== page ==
This week at Davis: 19 May 2017

This week at Davis we celebrated a couple of birthdays and experienced a blizzard.

The week that was

Patient X and the popcorn incident:

Lay surgical scout nurse, Rhys, assisted our resident 'dentist' this week during a dental procedure after 'Patient X' had a run-in with (un)popcorn. See the photo of 'Patient X' showing his trust in our 'dentists' handy work.

The unsolved puzzle:

After the good fortune of having two birthdays this past week, a Rubik’s cube gathering was held on Saturday evening.

Dress code: dress as a given colour.

Aim: end up as another colour.

Needless to say, what started off as a nicely solved Rubik’s, ended up shambolic cacophony of colours. Once again, Happy Birthday Bryce and Millsy!

Lötter (Electronics Engineer)

Patient X with a bag of popcorn after his dental work.
Patient X post dental work.
(Photo: Lotter Kock)
A mural of selfies from Tony with others at the Rubik's Cube party on the weekend.
Tony (king of the selfie) and team at the Rubik's Cube party.
(Photo: Tony D'Amico)

Chief Fitzy

Hi there

Being part of 'Team Plumb' here at Davis I am continually asked the hard probing questions, so I have decided to take one for the team and answer all those difficult Antarctic questions.

Question: What is the collective noun for a group of electricians?

Answer: A SHOCK of sparkies.

Question: What is the collective noun for a group of carpenters?

Answer: A packet of chippies.

Question: What is the collective noun for a group of diesel mechanics?

Answer: A clutch of dieso’s.

And to answer the most probing Antarctic question of them all?

What is the collective noun for a group of plumbers?

Answer: A Handsome of Plumbers

So there you have it all those probing Antarctic questions answered!


Fitzy (Part of team Plumb Davis)

Our three electricians are sitting on the couch: Sharky, Barry B2 and Bryce. Collectively referred to as a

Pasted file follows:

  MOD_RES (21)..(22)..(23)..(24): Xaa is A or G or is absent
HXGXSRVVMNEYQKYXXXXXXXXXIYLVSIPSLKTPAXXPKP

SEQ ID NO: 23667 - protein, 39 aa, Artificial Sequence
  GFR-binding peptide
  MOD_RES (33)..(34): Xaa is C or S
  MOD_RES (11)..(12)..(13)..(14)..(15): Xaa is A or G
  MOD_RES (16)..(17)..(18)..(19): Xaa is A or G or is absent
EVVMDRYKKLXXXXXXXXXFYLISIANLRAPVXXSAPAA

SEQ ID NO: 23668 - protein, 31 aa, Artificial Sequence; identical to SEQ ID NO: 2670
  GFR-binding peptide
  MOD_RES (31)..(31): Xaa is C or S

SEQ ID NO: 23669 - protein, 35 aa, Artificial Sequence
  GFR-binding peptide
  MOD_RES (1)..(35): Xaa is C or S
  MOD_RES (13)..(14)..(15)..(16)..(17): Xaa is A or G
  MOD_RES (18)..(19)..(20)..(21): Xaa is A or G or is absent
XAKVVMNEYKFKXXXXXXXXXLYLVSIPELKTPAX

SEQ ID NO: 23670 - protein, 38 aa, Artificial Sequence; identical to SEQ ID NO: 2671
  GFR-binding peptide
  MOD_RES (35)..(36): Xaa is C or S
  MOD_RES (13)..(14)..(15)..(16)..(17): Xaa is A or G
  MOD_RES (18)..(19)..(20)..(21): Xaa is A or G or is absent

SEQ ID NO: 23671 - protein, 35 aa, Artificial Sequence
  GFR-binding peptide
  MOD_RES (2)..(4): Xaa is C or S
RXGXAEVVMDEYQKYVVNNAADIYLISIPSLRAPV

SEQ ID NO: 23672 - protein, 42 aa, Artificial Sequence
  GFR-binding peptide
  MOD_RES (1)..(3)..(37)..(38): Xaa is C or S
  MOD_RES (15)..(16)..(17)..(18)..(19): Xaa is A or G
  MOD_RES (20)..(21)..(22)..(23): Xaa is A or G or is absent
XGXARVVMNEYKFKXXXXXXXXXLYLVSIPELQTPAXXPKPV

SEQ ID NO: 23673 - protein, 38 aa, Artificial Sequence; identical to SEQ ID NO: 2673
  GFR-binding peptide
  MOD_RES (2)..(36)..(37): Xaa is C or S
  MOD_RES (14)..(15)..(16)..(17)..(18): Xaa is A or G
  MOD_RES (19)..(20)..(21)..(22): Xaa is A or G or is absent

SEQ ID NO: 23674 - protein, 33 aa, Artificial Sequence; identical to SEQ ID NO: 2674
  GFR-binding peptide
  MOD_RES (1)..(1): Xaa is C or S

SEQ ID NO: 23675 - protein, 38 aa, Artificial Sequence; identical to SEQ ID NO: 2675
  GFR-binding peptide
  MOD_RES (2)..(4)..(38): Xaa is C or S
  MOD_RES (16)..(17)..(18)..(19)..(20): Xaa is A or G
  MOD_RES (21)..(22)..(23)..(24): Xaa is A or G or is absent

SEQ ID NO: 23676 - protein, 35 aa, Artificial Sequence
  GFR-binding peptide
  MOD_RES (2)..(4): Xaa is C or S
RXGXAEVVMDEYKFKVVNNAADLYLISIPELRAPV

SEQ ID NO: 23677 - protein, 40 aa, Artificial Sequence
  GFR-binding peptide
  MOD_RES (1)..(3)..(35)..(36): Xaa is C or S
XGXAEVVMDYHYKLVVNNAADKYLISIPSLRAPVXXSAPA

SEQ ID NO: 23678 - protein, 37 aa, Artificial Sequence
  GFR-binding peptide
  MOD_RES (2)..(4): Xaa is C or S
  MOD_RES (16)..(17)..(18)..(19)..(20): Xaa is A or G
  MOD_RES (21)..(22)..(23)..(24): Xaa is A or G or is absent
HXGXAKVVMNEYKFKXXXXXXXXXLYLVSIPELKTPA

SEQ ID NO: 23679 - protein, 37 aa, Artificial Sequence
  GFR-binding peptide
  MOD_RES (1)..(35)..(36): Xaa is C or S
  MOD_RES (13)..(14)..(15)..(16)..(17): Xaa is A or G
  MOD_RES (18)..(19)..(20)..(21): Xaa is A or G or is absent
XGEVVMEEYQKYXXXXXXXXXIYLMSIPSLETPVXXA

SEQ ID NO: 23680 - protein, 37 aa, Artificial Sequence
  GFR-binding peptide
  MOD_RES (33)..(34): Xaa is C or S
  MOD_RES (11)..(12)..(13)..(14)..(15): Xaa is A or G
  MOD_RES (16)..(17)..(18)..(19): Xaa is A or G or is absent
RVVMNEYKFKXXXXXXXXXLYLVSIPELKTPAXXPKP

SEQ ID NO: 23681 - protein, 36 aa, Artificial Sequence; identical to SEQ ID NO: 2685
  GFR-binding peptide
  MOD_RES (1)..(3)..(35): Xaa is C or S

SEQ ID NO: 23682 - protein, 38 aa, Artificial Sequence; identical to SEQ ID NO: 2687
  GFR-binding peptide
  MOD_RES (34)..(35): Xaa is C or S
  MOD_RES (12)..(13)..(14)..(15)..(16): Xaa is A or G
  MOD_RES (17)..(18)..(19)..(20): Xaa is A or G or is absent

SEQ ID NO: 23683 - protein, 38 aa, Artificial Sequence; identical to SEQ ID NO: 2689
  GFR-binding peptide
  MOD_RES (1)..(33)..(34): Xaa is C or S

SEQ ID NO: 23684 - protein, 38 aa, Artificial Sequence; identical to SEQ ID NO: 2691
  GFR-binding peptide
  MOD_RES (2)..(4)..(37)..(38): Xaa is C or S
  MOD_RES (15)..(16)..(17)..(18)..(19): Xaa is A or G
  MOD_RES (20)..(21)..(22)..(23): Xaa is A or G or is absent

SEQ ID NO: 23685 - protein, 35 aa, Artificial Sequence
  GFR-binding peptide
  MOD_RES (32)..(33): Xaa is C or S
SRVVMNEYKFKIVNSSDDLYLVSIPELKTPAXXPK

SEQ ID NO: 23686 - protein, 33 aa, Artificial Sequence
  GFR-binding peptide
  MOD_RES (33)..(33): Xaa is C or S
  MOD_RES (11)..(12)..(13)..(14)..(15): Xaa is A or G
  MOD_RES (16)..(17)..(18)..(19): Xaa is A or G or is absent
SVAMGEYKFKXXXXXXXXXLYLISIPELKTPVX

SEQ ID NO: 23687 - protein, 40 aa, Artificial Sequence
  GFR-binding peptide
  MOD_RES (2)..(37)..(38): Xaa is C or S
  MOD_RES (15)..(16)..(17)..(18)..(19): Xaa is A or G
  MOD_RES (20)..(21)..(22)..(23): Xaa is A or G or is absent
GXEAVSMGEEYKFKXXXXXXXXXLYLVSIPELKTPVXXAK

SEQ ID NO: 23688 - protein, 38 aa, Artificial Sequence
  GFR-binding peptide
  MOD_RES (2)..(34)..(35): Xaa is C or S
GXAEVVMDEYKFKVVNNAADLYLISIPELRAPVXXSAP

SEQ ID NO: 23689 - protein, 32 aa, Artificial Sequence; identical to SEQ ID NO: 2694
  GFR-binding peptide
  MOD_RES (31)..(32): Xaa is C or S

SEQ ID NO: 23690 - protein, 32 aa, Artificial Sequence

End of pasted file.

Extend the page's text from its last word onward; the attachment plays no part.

A SHOCK of sparkies: Sharky, Barry B2 and Bryce.
(Photo: Craig Fitzmaurice)
Our carpenter, Rhys, is holding a packet of chips. Fitzy is suggesting the collective noun for carpenters is a
A PACKET of chippies: our carpenter, Rhys.
(Photo: Craig Fitzmaurice)
Our three plumbers: Tony, Fitzy and Shoey are dressed for the Rubick's cube party. The proposed collective noun is a
The HANDSOME of plumbers: Tony, Fitzy and Shoey.
(Photo: Craig Fitzmaurice)

Monday morning weather

Last weekend we had our first big snow, shortly afterwards we had our first big blow. The blow lasted for some time, right through until late Monday night. Blow and snow in Antarctica is described as a blizzard.

I am quite often reminded that I am the youngest member on this team, but in my short working career I have done quite a bit. Prior to my time down south, I was working in the Kimberley, before that I was on Lord Howe Island and before that I was in Tasmania, mostly working in a field service role.

In the Kimberley I’ve driven to jobs in flooding wet season rain, on Lord Howe Island I’ve ridden a push bike across a tropical paradise to get to work and in Tassie… well in Tassie, there aren’t many roads I haven’t been on, at nearly every hour of the day and in some of Tasmania’s most ridiculous weather.